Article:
Editor's Note: There is a more recent update, the NRC says don't freak out about this alert.
Exelon Corp declared an "alert" at its New Jersey Oyster Creek nuclear
power plant due to a record storm surge, the Nuclear Regulatory
Commission said on Monday, warning that a further rise in water levels
could force operators to use emergency water supplies from a fire hose
to cool spent uranium fuel rods.
The alert -- the second lowest
of four NRC action levels -- came after water levels at the plant rose
by more than 6.5 feet, potentially affecting the pumps that circulate
water through the plant, an NRC spokesman said.
pumps are not essential since the plant is shut for planned refueling
at the moment. However a further rise to 7 feet could submerge the
service water pump motor that is used to cool the water in the spent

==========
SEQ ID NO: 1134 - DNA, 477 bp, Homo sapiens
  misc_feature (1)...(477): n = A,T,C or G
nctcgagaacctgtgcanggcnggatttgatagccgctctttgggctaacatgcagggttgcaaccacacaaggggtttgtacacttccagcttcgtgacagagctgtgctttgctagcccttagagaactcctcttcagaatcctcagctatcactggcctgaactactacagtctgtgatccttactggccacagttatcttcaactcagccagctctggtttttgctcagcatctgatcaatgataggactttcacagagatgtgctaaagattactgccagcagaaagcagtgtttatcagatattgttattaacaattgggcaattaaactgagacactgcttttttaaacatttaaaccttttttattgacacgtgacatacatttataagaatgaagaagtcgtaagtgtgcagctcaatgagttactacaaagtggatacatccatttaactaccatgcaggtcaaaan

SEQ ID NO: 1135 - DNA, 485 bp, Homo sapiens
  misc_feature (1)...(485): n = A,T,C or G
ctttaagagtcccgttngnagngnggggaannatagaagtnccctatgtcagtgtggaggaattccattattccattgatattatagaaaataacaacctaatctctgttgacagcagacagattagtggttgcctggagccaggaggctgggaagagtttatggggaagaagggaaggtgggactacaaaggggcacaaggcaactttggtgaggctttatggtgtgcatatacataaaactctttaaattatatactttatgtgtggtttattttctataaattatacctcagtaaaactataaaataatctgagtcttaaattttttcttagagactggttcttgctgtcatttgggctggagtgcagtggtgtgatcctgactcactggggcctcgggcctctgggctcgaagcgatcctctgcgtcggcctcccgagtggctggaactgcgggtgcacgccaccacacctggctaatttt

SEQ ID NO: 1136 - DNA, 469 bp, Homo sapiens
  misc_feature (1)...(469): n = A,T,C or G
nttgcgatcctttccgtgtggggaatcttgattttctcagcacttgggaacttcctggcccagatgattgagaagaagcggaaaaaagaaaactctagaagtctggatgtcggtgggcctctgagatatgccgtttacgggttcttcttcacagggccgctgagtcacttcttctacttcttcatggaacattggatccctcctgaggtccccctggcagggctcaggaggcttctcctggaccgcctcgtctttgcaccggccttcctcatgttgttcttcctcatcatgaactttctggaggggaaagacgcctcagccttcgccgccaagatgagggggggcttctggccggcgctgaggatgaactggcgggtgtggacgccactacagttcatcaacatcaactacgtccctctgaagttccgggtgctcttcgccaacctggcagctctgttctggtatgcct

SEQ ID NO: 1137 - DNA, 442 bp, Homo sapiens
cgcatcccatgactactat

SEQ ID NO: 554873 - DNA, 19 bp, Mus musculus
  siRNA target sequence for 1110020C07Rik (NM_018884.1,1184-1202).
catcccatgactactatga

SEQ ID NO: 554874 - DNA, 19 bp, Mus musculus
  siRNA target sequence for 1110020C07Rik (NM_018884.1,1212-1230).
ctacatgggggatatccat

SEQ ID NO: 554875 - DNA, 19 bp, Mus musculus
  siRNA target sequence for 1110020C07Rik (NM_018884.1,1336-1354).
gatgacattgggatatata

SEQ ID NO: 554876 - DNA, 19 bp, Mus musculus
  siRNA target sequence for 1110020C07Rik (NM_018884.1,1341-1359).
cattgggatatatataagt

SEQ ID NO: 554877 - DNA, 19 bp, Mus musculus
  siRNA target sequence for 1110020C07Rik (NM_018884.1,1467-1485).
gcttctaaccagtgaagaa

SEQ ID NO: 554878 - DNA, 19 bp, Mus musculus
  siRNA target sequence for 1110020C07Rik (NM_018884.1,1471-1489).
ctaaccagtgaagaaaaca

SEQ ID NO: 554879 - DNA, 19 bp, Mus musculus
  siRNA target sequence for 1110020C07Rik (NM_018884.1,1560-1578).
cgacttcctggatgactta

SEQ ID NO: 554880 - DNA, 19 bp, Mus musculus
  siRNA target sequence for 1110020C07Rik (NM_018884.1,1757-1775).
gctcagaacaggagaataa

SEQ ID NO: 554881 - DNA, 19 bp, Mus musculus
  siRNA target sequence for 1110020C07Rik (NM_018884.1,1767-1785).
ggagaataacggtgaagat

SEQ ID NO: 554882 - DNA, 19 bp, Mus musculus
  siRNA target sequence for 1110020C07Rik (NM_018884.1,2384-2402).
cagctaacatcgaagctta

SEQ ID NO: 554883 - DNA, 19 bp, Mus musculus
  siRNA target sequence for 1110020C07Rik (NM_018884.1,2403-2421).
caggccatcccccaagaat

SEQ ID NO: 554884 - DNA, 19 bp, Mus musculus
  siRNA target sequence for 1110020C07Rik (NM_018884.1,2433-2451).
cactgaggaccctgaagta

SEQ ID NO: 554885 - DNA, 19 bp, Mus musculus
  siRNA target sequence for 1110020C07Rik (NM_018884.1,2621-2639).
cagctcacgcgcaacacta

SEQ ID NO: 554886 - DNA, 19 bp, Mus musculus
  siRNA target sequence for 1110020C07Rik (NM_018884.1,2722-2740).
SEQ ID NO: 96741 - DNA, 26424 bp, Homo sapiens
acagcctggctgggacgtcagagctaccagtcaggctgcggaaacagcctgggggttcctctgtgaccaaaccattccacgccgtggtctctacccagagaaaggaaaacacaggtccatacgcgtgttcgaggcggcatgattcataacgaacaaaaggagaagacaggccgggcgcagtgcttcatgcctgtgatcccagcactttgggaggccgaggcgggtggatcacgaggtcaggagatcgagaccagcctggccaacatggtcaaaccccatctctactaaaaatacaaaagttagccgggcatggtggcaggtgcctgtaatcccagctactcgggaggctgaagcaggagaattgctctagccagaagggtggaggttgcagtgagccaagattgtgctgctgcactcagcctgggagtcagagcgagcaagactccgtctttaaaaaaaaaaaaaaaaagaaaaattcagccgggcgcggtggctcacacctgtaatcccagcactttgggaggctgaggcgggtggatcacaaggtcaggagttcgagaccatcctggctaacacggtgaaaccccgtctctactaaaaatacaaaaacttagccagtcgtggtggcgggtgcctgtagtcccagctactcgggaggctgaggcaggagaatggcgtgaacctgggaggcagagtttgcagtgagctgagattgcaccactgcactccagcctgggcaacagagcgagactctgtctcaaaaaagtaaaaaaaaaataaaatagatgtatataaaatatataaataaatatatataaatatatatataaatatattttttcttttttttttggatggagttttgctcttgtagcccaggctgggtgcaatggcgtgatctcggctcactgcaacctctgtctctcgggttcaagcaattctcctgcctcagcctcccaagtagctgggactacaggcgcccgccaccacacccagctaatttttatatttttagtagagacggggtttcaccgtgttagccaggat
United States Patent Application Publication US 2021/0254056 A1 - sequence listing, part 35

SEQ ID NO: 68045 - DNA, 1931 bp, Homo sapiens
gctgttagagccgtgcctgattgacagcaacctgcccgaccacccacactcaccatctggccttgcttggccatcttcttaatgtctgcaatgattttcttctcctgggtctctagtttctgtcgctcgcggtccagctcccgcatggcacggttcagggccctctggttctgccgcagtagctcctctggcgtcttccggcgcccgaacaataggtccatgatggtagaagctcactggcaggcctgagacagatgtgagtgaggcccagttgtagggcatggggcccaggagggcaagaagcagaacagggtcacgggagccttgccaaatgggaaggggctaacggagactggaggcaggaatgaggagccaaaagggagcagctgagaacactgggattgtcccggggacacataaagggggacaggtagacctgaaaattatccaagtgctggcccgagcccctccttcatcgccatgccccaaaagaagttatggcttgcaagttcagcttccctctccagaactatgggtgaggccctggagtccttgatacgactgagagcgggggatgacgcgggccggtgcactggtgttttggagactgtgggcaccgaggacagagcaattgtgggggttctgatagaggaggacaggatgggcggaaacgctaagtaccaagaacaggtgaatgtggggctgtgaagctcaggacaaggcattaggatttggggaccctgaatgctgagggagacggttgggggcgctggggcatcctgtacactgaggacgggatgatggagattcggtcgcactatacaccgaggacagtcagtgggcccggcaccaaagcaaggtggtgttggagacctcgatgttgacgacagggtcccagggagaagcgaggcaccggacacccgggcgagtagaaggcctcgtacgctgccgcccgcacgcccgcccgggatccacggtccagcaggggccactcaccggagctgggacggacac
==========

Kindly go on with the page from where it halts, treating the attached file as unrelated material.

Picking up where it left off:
The spokesman said the
company could use water from a fire hose to cool the pool if necessary.
The used uranium rods in the pool could cause the water to boil within
25 hours without additional coolant; in an extreme scenario the rods
could overheat, risking the eventual release of radiation.
The NRC said in a statement that it expected water levels would begin to abate within the next several hours.
made landfall earlier in the evening as the most powerful Atlantic
storm to hit the United States, bringing an over 13-foot storm surge.
have been about a dozen instances of alert-level nuclear incidents in
the past four years, according to NRC press releases. An alert-level
incident means there is a "potential substantial degradation in the
level of safety" at a reactor.
concerns over the status of the spent fuel pool at Oyster Creek were
reminiscent of the fears that followed the Fukushima disaster in Japan last year, when helicopters and fire hoses were enlisted to ensure the pools remained filled with fresh, cool water.
The nuclear industry has said that the spent fuel rods at Fukushima were never exposed to the air.
(Reporting by Scott DiSavino; Editing by Ed Davies)
Editor's Note: Oyster Creek shown in map below.
View Live Ustream Radiation Detectors in a larger map
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